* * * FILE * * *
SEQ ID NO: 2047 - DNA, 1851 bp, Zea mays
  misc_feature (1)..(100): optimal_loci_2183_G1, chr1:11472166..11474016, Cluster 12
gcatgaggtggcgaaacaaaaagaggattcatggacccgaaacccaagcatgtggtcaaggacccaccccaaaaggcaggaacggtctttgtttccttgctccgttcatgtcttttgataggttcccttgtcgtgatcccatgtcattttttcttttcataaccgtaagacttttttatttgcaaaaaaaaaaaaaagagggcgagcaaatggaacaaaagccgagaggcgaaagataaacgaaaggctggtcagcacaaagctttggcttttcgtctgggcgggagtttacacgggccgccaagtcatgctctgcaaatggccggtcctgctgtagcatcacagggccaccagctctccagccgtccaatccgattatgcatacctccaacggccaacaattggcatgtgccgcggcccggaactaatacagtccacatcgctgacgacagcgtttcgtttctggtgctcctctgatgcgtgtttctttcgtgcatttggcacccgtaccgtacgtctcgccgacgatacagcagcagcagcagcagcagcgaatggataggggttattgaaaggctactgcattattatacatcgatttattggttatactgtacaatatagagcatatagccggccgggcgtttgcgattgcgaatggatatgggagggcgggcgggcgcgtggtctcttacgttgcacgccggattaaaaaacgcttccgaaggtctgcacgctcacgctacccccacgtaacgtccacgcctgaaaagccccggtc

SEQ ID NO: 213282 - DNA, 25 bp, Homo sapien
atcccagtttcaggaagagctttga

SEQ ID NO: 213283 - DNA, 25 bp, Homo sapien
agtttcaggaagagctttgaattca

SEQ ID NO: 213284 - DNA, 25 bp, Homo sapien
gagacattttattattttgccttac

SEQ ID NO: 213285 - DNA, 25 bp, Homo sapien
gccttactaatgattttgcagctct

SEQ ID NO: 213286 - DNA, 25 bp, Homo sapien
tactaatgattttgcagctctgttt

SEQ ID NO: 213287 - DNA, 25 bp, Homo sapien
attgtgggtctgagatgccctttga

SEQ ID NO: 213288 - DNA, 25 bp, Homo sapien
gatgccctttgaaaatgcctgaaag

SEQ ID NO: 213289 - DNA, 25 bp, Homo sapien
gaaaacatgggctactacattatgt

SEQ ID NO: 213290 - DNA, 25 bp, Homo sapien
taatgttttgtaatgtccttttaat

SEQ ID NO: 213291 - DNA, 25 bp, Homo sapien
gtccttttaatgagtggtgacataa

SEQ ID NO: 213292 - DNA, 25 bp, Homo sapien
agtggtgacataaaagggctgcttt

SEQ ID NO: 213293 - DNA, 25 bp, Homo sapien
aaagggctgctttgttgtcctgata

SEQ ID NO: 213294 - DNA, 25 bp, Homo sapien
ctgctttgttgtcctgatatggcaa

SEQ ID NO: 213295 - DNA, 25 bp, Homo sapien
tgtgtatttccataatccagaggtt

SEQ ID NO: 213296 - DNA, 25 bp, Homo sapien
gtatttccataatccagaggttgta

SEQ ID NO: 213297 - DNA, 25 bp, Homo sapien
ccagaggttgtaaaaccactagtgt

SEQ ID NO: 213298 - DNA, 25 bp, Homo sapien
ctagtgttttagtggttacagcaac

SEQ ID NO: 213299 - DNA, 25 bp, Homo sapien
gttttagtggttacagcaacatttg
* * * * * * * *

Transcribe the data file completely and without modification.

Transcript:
SEQ ID NO: 2047 - DNA, 1851 bp, Zea mays
  misc_feature (1)..(100): optimal_loci_2183_G1, chr1:11472166..11474016, Cluster 12
gcatgaggtggcgaaacaaaaagaggattcatggacccgaaacccaagcatgtggtcaaggacccaccccaaaaggcaggaacggtctttgtttccttgctccgttcatgtcttttgataggttcccttgtcgtgatcccatgtcattttttcttttcataaccgtaagacttttttatttgcaaaaaaaaaaaaaagagggcgagcaaatggaacaaaagccgagaggcgaaagataaacgaaaggctggtcagcacaaagctttggcttttcgtctgggcgggagtttacacgggccgccaagtcatgctctgcaaatggccggtcctgctgtagcatcacagggccaccagctctccagccgtccaatccgattatgcatacctccaacggccaacaattggcatgtgccgcggcccggaactaatacagtccacatcgctgacgacagcgtttcgtttctggtgctcctctgatgcgtgtttctttcgtgcatttggcacccgtaccgtacgtctcgccgacgatacagcagcagcagcagcagcagcgaatggataggggttattgaaaggctactgcattattatacatcgatttattggttatactgtacaatatagagcatatagccggccgggcgtttgcgattgcgaatggatatgggagggcgggcgggcgcgtggtctcttacgttgcacgccggattaaaaaacgcttccgaaggtctgcacgctcacgctacccccacgtaacgtccacgcctgaaaagccccggtc

SEQ ID NO: 213282 - DNA, 25 bp, Homo sapien
atcccagtttcaggaagagctttga

SEQ ID NO: 213283 - DNA, 25 bp, Homo sapien
agtttcaggaagagctttgaattca

SEQ ID NO: 213284 - DNA, 25 bp, Homo sapien
gagacattttattattttgccttac

SEQ ID NO: 213285 - DNA, 25 bp, Homo sapien
gccttactaatgattttgcagctct

SEQ ID NO: 213286 - DNA, 25 bp, Homo sapien
tactaatgattttgcagctctgttt

SEQ ID NO: 213287 - DNA, 25 bp, Homo sapien
attgtgggtctgagatgccctttga

SEQ ID NO: 213288 - DNA, 25 bp, Homo sapien
gatgccctttgaaaatgcctgaaag

SEQ ID NO: 213289 - DNA, 25 bp, Homo sapien
gaaaacatgggctactacattatgt

SEQ ID NO: 213290 - DNA, 25 bp, Homo sapien
taatgttttgtaatgtccttttaat

SEQ ID NO: 213291 - DNA, 25 bp, Homo sapien
gtccttttaatgagtggtgacataa

SEQ ID NO: 213292 - DNA, 25 bp, Homo sapien
agtggtgacataaaagggctgcttt

SEQ ID NO: 213293 - DNA, 25 bp, Homo sapien
aaagggctgctttgttgtcctgata

SEQ ID NO: 213294 - DNA, 25 bp, Homo sapien
ctgctttgttgtcctgatatggcaa

SEQ ID NO: 213295 - DNA, 25 bp, Homo sapien
tgtgtatttccataatccagaggtt

SEQ ID NO: 213296 - DNA, 25 bp, Homo sapien
gtatttccataatccagaggttgta

SEQ ID NO: 213297 - DNA, 25 bp, Homo sapien
ccagaggttgtaaaaccactagtgt

SEQ ID NO: 213298 - DNA, 25 bp, Homo sapien
ctagtgttttagtggttacagcaac

SEQ ID NO: 213299 - DNA, 25 bp, Homo sapien
gttttagtggttacagcaacatttg